The end of 2006 saw the dramatic conclusion of the Saddam Hussein story, brought to you by someone with a cellphone who made a YouTube clip to beat all YouTube clips. In the end, this one grainy video nullified all efforts by the “Axis of Good” to paint their ugly version of Saddam Hussein all over the history books.
If it were ever made into a movie, the farcical theater of Saddam Hussein’s last days could only be called “Trial and Error”. Of course, G.I. George Bush and the American government would have loved to see their original script brought to curtain calls of secular throngs of Iraqis dancing in the streets of Baghdad over the death of an evil man, but, sadly, they lost creative control of the project.
The opening act of Saddam’s capture would have made any Hollywood producer proud. Hell, maybe the Weinstein brothers had a hand in military policy at the time, because there could have been no better made-for-tv moment than Saddam being pulled out of a so-called “Spider Hole” covered in garbage with a suitcase of American dollars at his side. Now, anyone who has been to the Middle East, who knows anything about Muslim culture, knows that no self-respecting Arab Muslim, especially not one with an inflated ego such as Mr. Hussein’s, would be caught dead under a pile of garbage, hiding from U.S. Marines with a suitcase of dollars at his side. I mean, give me a break. Has it been so long that we do not see blatant propaganda for what it is any more? The public ate up this story, only too happy to see that this “evil man” was also a coward.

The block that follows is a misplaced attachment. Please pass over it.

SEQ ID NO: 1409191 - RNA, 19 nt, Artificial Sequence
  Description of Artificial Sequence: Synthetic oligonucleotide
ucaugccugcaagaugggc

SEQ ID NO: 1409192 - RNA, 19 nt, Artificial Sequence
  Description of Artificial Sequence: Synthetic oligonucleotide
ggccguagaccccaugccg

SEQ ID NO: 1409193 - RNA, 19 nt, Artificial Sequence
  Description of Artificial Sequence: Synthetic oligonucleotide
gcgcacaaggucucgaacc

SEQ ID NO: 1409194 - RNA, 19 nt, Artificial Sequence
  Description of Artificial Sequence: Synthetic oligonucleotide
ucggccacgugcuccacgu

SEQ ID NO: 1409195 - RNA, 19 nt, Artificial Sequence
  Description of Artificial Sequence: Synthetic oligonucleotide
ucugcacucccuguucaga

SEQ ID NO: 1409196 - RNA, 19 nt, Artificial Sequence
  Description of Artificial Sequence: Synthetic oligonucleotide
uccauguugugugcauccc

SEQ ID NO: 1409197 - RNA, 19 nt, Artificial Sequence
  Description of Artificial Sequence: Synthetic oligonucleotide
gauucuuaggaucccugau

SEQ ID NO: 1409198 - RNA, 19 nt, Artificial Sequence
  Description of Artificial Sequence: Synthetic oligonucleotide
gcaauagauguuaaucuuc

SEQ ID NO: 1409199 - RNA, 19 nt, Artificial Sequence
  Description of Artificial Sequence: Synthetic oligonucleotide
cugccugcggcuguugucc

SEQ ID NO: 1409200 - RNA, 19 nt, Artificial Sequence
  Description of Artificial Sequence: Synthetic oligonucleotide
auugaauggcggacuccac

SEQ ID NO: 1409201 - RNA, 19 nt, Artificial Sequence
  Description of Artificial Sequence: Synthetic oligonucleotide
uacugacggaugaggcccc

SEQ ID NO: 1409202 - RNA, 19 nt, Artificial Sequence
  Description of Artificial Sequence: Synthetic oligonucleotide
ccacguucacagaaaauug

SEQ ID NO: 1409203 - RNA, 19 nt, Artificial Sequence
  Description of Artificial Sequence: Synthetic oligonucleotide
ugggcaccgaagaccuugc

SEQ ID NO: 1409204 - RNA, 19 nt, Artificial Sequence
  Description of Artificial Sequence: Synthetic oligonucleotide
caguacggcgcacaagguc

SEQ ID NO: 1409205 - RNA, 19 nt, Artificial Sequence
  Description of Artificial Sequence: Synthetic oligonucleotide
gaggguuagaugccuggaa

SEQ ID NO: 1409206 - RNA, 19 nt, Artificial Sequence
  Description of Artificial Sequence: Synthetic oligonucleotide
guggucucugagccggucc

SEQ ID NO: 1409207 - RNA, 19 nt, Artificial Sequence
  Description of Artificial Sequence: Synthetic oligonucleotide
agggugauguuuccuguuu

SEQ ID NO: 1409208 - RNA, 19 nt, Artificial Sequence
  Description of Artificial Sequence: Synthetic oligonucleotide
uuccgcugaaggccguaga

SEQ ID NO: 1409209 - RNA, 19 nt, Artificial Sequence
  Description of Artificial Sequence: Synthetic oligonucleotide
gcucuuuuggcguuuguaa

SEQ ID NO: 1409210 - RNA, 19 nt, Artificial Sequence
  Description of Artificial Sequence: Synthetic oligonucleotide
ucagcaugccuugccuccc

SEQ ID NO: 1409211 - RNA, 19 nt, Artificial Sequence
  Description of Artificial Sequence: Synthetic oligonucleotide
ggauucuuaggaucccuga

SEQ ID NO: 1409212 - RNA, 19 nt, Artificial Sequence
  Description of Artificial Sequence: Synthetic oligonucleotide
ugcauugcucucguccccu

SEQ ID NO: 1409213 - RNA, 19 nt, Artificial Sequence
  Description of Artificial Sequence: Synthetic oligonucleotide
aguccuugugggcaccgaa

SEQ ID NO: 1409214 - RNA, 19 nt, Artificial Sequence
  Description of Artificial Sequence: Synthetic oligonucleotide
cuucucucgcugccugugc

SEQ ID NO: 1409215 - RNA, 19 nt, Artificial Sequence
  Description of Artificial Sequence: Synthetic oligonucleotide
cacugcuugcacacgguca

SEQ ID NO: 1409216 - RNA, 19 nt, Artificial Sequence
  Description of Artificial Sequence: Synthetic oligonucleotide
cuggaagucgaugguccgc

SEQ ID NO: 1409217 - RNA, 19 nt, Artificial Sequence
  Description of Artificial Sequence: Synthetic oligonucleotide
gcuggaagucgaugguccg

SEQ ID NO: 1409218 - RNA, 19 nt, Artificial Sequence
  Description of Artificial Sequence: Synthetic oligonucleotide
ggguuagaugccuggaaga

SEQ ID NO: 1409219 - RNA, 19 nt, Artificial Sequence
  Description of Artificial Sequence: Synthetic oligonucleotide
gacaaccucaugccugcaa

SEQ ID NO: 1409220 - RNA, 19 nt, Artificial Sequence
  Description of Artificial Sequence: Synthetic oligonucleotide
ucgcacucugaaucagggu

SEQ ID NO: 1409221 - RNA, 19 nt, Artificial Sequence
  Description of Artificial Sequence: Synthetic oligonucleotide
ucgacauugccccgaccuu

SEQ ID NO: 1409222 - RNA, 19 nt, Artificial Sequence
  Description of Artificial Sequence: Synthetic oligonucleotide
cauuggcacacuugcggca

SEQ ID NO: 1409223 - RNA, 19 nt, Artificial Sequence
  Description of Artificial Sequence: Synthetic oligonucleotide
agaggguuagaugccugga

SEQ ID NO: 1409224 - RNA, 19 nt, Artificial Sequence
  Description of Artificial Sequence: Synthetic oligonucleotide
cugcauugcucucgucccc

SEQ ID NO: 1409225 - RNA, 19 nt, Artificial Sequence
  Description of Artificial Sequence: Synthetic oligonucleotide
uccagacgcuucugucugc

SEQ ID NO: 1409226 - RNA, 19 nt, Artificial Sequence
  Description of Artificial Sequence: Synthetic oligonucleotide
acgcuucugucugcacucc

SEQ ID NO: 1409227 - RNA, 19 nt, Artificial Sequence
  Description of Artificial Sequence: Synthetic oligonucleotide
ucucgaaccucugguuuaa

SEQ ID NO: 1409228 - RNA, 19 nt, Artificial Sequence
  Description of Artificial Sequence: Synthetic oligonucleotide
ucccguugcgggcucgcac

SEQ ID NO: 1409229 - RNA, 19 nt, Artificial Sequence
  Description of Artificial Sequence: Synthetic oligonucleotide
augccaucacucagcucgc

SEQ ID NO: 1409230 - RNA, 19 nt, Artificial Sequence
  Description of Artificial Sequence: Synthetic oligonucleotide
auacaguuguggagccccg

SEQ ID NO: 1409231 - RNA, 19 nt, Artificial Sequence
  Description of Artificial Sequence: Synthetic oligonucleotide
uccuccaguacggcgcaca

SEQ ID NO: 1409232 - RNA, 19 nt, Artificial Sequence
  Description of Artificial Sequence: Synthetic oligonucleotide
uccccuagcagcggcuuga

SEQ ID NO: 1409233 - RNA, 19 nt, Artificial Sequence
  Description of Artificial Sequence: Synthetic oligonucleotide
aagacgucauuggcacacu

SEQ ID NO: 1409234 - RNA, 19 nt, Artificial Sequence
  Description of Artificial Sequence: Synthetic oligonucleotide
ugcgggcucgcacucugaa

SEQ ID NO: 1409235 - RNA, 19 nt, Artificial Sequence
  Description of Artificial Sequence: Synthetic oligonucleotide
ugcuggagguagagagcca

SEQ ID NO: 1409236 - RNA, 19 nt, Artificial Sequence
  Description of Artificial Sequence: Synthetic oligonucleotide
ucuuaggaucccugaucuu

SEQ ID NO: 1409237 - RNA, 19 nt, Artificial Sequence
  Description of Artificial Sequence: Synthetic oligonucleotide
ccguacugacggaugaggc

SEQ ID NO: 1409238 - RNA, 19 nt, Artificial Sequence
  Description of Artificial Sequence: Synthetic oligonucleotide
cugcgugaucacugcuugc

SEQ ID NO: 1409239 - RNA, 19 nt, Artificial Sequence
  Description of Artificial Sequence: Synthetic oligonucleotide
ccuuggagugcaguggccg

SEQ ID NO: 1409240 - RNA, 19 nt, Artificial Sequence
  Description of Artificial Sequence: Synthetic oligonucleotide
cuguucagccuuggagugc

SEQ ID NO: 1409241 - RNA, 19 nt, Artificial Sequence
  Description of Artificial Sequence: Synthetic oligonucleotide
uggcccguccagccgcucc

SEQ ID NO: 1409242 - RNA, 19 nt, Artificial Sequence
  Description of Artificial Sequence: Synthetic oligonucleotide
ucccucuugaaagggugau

In the war of ideas, the United States tried to take his pride, to take his honor, and in the end allowed history to repeat itself by calling an end to major combat operations in discrediting Saddam Hussein. Unfortunate (depending on how you look at it) though inevitable for the swirling mess of Iraq, it did not turn out as planned.
Fast forward to the last chapter in the saga, where you have a cell phone video broadcast all over the world within hours of his death that shows a dignity to the man enduring the taunts of a violently divided Iraq. As if he knew the world would be watching, he played it masterfully. With a sound bite of “Is this the bravery of Arabs?”, Saddam will be remembered as a victim who died with honor, a martyr to young Sunnis, not an evil psychopath coward.
Just like the producers tried to make a fortune off of a sure flop, the Bush administration naively expected to gain valuable political capital through the death of someone they had gone to great lengths to paint as a worthless, evil man. As it turned out, the show itself was a success. Saddam will live forever in Iraq, the victim of aggression and bias from both his own people and the invading army.
I can’t wait to see what the Bin Laden Show will entail, if only we can get a camera crew to his cave on the Pakistani border...